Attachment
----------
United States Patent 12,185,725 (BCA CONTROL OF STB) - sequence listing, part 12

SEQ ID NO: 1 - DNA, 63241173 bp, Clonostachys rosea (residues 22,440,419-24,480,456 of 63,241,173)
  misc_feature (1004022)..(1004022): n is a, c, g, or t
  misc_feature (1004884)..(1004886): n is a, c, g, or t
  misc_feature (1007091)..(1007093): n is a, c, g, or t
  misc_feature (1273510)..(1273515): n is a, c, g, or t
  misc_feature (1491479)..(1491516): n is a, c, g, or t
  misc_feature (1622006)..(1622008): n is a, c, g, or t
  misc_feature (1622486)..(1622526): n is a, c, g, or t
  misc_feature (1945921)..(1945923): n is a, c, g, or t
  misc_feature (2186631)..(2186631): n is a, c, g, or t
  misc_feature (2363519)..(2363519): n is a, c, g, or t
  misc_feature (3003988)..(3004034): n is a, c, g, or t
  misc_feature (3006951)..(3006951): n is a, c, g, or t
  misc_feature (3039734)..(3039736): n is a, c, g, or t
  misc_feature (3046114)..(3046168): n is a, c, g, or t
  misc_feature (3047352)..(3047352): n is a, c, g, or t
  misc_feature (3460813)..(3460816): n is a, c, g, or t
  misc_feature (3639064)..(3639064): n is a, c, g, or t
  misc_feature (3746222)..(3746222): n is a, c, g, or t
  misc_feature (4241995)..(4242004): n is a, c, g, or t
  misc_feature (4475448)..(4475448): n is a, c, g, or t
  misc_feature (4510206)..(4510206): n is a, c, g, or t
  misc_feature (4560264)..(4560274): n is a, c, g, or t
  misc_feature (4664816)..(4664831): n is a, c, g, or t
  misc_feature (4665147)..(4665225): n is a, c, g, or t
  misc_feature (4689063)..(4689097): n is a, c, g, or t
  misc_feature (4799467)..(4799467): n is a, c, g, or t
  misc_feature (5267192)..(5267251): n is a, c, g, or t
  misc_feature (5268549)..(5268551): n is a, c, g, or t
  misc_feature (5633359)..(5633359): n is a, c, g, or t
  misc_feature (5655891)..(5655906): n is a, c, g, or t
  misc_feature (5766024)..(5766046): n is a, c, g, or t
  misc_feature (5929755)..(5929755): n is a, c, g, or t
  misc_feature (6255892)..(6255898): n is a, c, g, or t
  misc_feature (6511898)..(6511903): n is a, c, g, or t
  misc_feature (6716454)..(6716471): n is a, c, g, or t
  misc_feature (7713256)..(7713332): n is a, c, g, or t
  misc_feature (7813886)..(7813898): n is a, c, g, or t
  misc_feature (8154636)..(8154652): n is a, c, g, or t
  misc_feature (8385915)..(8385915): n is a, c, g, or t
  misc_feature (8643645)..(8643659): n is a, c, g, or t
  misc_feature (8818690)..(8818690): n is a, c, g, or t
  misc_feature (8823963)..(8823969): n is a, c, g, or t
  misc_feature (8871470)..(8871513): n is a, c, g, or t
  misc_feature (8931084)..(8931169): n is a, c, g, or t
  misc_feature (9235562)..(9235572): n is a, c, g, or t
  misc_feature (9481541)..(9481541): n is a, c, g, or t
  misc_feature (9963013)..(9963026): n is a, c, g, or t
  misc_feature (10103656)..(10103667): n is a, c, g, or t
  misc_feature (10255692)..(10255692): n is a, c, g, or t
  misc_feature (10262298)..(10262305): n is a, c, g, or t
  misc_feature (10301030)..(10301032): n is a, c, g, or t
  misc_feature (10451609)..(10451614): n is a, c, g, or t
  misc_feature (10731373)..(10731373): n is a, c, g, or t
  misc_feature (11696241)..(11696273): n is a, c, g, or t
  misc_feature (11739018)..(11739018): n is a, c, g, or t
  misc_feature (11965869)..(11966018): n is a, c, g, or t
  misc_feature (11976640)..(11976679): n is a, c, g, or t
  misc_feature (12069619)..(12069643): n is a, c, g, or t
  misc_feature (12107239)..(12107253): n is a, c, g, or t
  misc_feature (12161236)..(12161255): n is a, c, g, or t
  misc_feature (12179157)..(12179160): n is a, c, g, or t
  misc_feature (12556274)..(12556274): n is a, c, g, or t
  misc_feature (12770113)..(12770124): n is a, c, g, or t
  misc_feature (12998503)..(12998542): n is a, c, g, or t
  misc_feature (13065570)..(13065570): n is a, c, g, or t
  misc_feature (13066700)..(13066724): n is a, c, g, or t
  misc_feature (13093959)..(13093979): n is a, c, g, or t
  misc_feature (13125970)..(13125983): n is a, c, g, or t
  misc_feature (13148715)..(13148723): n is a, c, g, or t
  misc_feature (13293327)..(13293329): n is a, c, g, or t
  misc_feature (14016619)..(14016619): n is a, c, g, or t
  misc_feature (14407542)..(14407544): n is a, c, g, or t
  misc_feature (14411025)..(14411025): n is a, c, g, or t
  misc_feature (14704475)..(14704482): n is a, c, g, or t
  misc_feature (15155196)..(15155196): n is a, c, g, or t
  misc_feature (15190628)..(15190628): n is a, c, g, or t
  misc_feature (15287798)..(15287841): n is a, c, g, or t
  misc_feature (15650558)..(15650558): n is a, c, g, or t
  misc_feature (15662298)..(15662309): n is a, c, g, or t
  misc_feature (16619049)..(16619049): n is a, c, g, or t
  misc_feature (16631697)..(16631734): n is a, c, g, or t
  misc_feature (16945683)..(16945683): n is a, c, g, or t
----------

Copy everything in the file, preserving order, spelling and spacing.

United States Patent 12,185,725 (BCA CONTROL OF STB) - sequence listing, part 12

SEQ ID NO: 1 - DNA, 63241173 bp, Clonostachys rosea (residues 22,440,419-24,480,456 of 63,241,173)
  misc_feature (1004022)..(1004022): n is a, c, g, or t
  misc_feature (1004884)..(1004886): n is a, c, g, or t
  misc_feature (1007091)..(1007093): n is a, c, g, or t
  misc_feature (1273510)..(1273515): n is a, c, g, or t
  misc_feature (1491479)..(1491516): n is a, c, g, or t
  misc_feature (1622006)..(1622008): n is a, c, g, or t
  misc_feature (1622486)..(1622526): n is a, c, g, or t
  misc_feature (1945921)..(1945923): n is a, c, g, or t
  misc_feature (2186631)..(2186631): n is a, c, g, or t
  misc_feature (2363519)..(2363519): n is a, c, g, or t
  misc_feature (3003988)..(3004034): n is a, c, g, or t
  misc_feature (3006951)..(3006951): n is a, c, g, or t
  misc_feature (3039734)..(3039736): n is a, c, g, or t
  misc_feature (3046114)..(3046168): n is a, c, g, or t
  misc_feature (3047352)..(3047352): n is a, c, g, or t
  misc_feature (3460813)..(3460816): n is a, c, g, or t
  misc_feature (3639064)..(3639064): n is a, c, g, or t
  misc_feature (3746222)..(3746222): n is a, c, g, or t
  misc_feature (4241995)..(4242004): n is a, c, g, or t
  misc_feature (4475448)..(4475448): n is a, c, g, or t
  misc_feature (4510206)..(4510206): n is a, c, g, or t
  misc_feature (4560264)..(4560274): n is a, c, g, or t
  misc_feature (4664816)..(4664831): n is a, c, g, or t
  misc_feature (4665147)..(4665225): n is a, c, g, or t
  misc_feature (4689063)..(4689097): n is a, c, g, or t
  misc_feature (4799467)..(4799467): n is a, c, g, or t
  misc_feature (5267192)..(5267251): n is a, c, g, or t
  misc_feature (5268549)..(5268551): n is a, c, g, or t
  misc_feature (5633359)..(5633359): n is a, c, g, or t
  misc_feature (5655891)..(5655906): n is a, c, g, or t
  misc_feature (5766024)..(5766046): n is a, c, g, or t
  misc_feature (5929755)..(5929755): n is a, c, g, or t
  misc_feature (6255892)..(6255898): n is a, c, g, or t
  misc_feature (6511898)..(6511903): n is a, c, g, or t
  misc_feature (6716454)..(6716471): n is a, c, g, or t
  misc_feature (7713256)..(7713332): n is a, c, g, or t
  misc_feature (7813886)..(7813898): n is a, c, g, or t
  misc_feature (8154636)..(8154652): n is a, c, g, or t
  misc_feature (8385915)..(8385915): n is a, c, g, or t
  misc_feature (8643645)..(8643659): n is a, c, g, or t
  misc_feature (8818690)..(8818690): n is a, c, g, or t
  misc_feature (8823963)..(8823969): n is a, c, g, or t
  misc_feature (8871470)..(8871513): n is a, c, g, or t
  misc_feature (8931084)..(8931169): n is a, c, g, or t
  misc_feature (9235562)..(9235572): n is a, c, g, or t
  misc_feature (9481541)..(9481541): n is a, c, g, or t
  misc_feature (9963013)..(9963026): n is a, c, g, or t
  misc_feature (10103656)..(10103667): n is a, c, g, or t
  misc_feature (10255692)..(10255692): n is a, c, g, or t
  misc_feature (10262298)..(10262305): n is a, c, g, or t
  misc_feature (10301030)..(10301032): n is a, c, g, or t
  misc_feature (10451609)..(10451614): n is a, c, g, or t
  misc_feature (10731373)..(10731373): n is a, c, g, or t
  misc_feature (11696241)..(11696273): n is a, c, g, or t
  misc_feature (11739018)..(11739018): n is a, c, g, or t
  misc_feature (11965869)..(11966018): n is a, c, g, or t
  misc_feature (11976640)..(11976679): n is a, c, g, or t
  misc_feature (12069619)..(12069643): n is a, c, g, or t
  misc_feature (12107239)..(12107253): n is a, c, g, or t
  misc_feature (12161236)..(12161255): n is a, c, g, or t
  misc_feature (12179157)..(12179160): n is a, c, g, or t
  misc_feature (12556274)..(12556274): n is a, c, g, or t
  misc_feature (12770113)..(12770124): n is a, c, g, or t
  misc_feature (12998503)..(12998542): n is a, c, g, or t
  misc_feature (13065570)..(13065570): n is a, c, g, or t
  misc_feature (13066700)..(13066724): n is a, c, g, or t
  misc_feature (13093959)..(13093979): n is a, c, g, or t
  misc_feature (13125970)..(13125983): n is a, c, g, or t
  misc_feature (13148715)..(13148723): n is a, c, g, or t
  misc_feature (13293327)..(13293329): n is a, c, g, or t
  misc_feature (14016619)..(14016619): n is a, c, g, or t
  misc_feature (14407542)..(14407544): n is a, c, g, or t
  misc_feature (14411025)..(14411025): n is a, c, g, or t
  misc_feature (14704475)..(14704482): n is a, c, g, or t
  misc_feature (15155196)..(15155196): n is a, c, g, or t
  misc_feature (15190628)..(15190628): n is a, c, g, or t
  misc_feature (15287798)..(15287841): n is a, c, g, or t
  misc_feature (15650558)..(15650558): n is a, c, g, or t
  misc_feature (15662298)..(15662309): n is a, c, g, or t
  misc_feature (16619049)..(16619049): n is a, c, g, or t
  misc_feature (16631697)..(16631734): n is a, c, g, or t
  misc_feature (16945683)..(16945683): n is a, c, g, or t